They aren't perfect or particularly pretty, but they just had to hold the cupcakes securely, yet not too close. This ended up being 2"x2"-ish. So I filled mine up to take all the boxes over to Eli's place on Saturday morning.

In between all of this, I also made Charlie's groom's cake. He wanted a big chocolate chip cookie cake. Not one of those flat things you get from the mall, but thicker, and not a cake, but actual cookie. I'd made blonde brownies last fall that were exactly what he wanted, so I just used that recipe in a round pan.

Looks yum, no? I might have eaten some of the dough during this process, but only to make sure it was fit for human consumption. I swear!

Anyway, once it was cooled, I flipped it out onto a plate, then back over, and then I had to decorate it. Charlie's request was, "Just enough icing that it looks like a wedding cake." I have no idea what this means. What I ended up doing, though, was taking inspiration from Marie's cupcake liners (shown below on top of the cake) and matching chocolate icing swirls to the design:

I think it turned out nicely, not too feminine, and it looks sooo good (which it was)!

(Warning here: The first giant cookie I made, when I went to flip it out of the pan, the very center was not cooked through and it fell apart. There is no fixing a fallen-apart cookie cake. So I made another one at the last second, which I had BARELY the right amount of brown sugar to do. It is a good thing I'm a hoarder. So anyways, moral: Cook your cookie cake until you actually think it's TOO done. Also, hoard brown sugar. You never know.)

Anyway! Back to the cupcakes.

Lauren dropped her baked cupcakes off with me that Saturday morning, and then I went over to Eli's, where Shannon met us and Eli's sweet husband took their new baby and went shopping to escape from the chatty girls and baked goods.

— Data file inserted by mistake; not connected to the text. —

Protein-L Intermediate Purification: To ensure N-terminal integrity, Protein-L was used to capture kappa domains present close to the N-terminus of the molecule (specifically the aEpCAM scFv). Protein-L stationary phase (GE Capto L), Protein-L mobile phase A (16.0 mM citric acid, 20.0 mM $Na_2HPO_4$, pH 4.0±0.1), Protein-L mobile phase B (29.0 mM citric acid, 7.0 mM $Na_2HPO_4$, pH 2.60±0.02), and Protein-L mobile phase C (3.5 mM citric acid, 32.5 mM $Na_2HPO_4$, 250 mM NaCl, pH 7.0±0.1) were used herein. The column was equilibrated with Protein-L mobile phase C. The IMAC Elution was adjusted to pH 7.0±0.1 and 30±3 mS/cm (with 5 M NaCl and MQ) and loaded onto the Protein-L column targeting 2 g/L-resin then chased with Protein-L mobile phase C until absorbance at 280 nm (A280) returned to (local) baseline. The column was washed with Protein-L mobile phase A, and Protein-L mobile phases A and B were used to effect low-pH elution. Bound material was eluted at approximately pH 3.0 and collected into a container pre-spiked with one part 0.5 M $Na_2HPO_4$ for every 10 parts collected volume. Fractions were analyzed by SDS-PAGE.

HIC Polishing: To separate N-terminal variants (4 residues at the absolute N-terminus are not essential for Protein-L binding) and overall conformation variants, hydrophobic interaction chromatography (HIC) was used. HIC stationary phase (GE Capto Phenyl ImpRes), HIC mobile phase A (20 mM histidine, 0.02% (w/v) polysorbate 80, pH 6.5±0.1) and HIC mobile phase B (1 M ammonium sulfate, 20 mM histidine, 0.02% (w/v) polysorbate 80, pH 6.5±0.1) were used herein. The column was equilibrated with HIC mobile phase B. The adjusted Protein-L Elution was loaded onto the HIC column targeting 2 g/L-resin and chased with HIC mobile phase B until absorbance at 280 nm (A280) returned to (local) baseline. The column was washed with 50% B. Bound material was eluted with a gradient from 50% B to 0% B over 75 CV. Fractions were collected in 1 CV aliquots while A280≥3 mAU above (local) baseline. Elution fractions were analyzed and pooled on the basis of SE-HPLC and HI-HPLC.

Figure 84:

Oh, and I should have taken a picture of the buttercream I made Friday as well. I ended up with something like FOURTEEN POUNDS of buttercream icing (that is seven double rounds of icing. Thank God for stand mixers). It was huge, in a giant Tupperware container that was really heavy and awkward to carry, and which I almost dropped on our condo stairs. I just did not want to run out in the middle of decorating the day of the wedding. (We actually ended up with some left over, but I had to make a cake for a work retirement party on Sunday so that worked out fine.)

So I loaded and swapped out icing bags with 1M Wilton tips, while Shannon iced and Eli stuck the sugar cookie toppers on and loaded the boxes. It actually only took us about an hour to do all the cupcakes, and that included time for us to save various cupcake boxes from Eli's (determined) dog.

(This is Eli's baby and her dog. They are both adorable. I would worry about her son finding himself on the Internets later in life, but let's be honest, I'm pretty sure all babies look just like that. Only, of course, your son is cuter, Eli!)

Also, I will have you know that the cupcake matrix worked BEAUTIFULLY:

(Can you tell I had my phone again? yeah, sorry.) Then I drove them over to the venue and gave them to the caterer. I have NEVER IN MY LIFE driven so carefully. I imagine it's what my OCD will turn into when I have kids.

Anyway! The final product.... well, my photos do NOT do them justice. For that, I turn to the professionals. All of the following photos were taken by the amazing Anne Almasy. Her lighting skills are incredible, because the reception hall was dark and dimly lit by lanterns and candles and whatnot. Which makes for great atmosphere but TERRIBLE photos (I'm not even going to show you the ones I tried to take).

The tiers of cupcakes:

And the beautiful bride, eating the cupcakes:

Hoorah for cupcakes being successfully transported! And congratulations, Marie and Charlie, you guys are such a great couple and I am so happy for you!